What are your expectations for the project in Barrancabermeja?

Barrancabermeja is a refinery that has long needed a project to increase its capacity. We have a strong interest in the refinery. The necessary equipment is in place, and it is a matter of removing or expanding our presence there. Barrancabermeja is an important project for the country.

The engines for Copa and Copa Colombia are from GE. What is the potential for further investment in this segment?

One of the most important approaches of GE is oriented toward the development of the aviation sector, where we are a renowned company because we are leaders in manufacturing turbines for airplanes. GE's involvement with airplane engines is a reflection of the dynamics of the country. The increase in the number of people traveling and the number of flights are a result of the country's strong growth. At GE, we aim to work closely in the supply of the engines and even the airplanes for different projects. Our GE Capital business unit leases several aircraft to airlines in Colombia. We not only have an engine business, but also a leasing business. This is another sector of the industry that we expect to grow significantly.

What was the strategy behind the sale of your interests in Banco Colpatria last year?

GE made the decision to concentrate its business globally on industrial production. As a part of that strategy, GE Capital decided to reduce its footprint internationally. The company decided to sell some of its successful and attractive assets. This strategic transaction was a good deal for both parties. GE's partnership with Banco Colpatria was very positive, and it was an excellent starting point for GE Capital in Colombia. Despite GE's involvement in middle market finance, GE's primary focus is as an industrial conglomerate and a technology company. This has been our strength for nearly 100 years. Although GE Capital's participation is still very important in the company's revenues, the company has decided to focus on the industrial sector.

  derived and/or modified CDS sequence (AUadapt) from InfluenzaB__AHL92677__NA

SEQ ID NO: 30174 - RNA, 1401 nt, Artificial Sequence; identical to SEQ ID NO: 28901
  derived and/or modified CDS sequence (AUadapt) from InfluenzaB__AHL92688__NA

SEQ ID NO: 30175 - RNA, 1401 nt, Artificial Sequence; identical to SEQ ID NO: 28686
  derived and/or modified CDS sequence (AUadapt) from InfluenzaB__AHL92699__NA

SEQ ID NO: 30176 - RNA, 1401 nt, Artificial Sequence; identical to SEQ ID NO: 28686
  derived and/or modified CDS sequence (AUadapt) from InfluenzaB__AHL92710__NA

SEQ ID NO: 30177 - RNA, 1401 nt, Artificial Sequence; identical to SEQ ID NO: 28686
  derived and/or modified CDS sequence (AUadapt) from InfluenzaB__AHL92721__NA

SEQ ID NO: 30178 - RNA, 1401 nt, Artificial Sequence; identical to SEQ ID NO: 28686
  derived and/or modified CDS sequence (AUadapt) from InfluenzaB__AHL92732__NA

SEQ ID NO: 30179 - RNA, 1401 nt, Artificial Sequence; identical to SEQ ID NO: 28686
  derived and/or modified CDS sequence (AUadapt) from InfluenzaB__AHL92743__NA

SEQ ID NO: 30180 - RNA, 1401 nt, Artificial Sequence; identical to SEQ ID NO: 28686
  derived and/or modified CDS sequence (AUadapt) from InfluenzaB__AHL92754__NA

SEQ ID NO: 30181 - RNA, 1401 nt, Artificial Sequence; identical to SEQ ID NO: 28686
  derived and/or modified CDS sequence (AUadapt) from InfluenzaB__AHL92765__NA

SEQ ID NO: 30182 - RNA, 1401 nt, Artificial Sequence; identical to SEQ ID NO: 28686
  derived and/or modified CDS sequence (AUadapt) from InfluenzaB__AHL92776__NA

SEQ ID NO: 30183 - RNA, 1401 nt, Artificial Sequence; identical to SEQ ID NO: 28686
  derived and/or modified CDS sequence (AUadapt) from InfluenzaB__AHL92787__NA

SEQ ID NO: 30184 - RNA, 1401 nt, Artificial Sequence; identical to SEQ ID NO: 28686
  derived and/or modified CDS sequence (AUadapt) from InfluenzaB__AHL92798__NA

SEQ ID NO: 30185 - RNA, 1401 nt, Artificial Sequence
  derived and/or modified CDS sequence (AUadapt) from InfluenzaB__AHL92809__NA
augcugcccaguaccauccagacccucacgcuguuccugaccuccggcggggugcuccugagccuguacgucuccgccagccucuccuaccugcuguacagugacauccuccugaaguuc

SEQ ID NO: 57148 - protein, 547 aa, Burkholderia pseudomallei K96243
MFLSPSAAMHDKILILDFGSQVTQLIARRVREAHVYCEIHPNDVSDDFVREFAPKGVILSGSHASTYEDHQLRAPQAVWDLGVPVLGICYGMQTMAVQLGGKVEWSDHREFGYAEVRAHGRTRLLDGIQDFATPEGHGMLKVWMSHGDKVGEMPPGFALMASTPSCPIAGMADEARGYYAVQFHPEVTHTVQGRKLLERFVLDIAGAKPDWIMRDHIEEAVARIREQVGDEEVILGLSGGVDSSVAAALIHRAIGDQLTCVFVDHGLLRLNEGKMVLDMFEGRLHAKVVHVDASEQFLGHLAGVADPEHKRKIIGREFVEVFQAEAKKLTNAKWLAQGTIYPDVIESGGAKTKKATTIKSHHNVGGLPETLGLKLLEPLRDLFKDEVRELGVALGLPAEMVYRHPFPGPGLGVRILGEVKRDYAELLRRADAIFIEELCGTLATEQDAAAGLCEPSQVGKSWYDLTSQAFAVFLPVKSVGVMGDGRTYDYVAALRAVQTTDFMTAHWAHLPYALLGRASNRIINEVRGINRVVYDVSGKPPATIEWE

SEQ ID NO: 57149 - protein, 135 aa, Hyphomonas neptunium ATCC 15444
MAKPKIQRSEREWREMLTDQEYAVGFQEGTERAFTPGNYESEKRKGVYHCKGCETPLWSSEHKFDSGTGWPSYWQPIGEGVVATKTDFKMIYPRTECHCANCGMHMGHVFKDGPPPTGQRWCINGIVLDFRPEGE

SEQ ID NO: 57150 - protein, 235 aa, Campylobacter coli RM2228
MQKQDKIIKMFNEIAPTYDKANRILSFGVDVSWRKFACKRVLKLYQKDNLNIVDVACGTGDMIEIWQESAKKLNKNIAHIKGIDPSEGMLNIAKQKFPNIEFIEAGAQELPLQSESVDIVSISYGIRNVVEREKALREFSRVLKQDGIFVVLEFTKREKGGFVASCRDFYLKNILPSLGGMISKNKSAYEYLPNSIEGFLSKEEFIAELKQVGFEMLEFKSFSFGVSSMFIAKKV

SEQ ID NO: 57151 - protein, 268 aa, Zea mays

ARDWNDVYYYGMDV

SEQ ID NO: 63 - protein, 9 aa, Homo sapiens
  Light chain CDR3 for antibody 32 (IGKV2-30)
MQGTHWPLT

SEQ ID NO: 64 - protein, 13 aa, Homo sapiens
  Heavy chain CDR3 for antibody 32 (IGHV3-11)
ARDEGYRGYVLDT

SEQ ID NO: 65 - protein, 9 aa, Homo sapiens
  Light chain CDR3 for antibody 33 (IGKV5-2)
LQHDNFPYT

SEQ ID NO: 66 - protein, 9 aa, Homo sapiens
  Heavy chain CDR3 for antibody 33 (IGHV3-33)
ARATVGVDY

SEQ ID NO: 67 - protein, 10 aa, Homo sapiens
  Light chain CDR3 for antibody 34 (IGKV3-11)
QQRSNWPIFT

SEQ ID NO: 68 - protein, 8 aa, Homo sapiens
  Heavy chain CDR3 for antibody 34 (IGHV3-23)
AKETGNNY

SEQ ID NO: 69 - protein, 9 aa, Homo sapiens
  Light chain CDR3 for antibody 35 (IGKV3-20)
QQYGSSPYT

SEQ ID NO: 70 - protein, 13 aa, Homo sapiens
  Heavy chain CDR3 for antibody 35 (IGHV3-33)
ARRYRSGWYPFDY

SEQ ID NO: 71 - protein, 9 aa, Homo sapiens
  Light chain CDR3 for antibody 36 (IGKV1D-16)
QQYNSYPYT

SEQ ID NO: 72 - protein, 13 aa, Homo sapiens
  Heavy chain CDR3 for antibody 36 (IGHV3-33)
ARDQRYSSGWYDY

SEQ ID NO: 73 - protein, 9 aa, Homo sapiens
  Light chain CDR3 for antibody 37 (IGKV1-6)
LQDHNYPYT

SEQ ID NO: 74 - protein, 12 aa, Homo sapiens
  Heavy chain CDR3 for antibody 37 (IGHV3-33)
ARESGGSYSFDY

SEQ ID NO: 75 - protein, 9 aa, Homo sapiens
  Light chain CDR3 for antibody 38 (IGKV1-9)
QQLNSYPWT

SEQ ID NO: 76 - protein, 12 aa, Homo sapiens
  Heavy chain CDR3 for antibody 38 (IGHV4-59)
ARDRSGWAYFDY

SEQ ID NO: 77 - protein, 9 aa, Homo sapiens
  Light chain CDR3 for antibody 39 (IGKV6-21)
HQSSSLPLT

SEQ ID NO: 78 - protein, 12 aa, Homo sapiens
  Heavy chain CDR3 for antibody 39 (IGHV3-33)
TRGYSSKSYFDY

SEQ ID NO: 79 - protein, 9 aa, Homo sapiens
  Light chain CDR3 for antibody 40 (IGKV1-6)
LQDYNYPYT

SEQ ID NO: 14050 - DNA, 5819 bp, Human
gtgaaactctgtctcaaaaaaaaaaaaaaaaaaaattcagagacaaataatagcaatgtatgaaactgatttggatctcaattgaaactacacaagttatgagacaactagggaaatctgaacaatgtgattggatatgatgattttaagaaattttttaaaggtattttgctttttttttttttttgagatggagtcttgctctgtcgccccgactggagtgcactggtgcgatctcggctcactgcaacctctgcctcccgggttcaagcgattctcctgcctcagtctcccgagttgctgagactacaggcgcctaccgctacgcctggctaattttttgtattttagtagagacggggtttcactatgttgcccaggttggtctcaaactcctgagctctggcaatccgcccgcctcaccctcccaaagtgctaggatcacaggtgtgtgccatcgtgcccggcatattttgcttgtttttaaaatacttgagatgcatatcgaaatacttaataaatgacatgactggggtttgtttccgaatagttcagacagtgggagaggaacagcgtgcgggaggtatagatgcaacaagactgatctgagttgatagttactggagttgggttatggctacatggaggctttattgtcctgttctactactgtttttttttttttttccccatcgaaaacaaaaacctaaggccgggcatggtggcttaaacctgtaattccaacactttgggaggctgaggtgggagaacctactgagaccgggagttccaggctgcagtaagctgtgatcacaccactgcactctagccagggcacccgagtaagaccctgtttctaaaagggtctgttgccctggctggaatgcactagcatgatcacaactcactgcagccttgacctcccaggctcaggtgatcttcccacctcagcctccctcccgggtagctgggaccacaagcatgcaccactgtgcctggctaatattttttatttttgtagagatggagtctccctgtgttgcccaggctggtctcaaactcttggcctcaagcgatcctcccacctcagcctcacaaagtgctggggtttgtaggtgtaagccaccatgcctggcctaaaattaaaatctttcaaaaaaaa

What are the advantages and the main challenges of investing in Colombia?

We understand that energy, infrastructure, and economic development are critically important for Colombia as the country continues progressing. Therefore, we are sure that success will require depth in areas where GE is an expert that excels. Colombia is currently one of the most attractive countries in the region for investment. This is the result of continued policies to open doors to foreign investment and to create legal stability and an attractive environment for FDI. Colombia has a little bit of everything. It is not an oil country, but it has oil. It is not a gold country, but it has gold. Colombia has very good agricultural products like coffee and flowers. It also has a strong industrial sector, even though more infrastructure development is necessary. The size of the country is also an advantage. Colombia is larger than most other countries in the region except for Brazil. However, Colombia needs to be better at execution. This is the nature of the country and the Colombian people. We are very good at planning, have a very high level of education, and have creative and strategic thinkers, excellent economists, the best lawyers, and good statisticians, but at the point of execution we find a way to be slow. We need to improve in this area. But the good thing is that we know that now.

© The Business Year - August 2012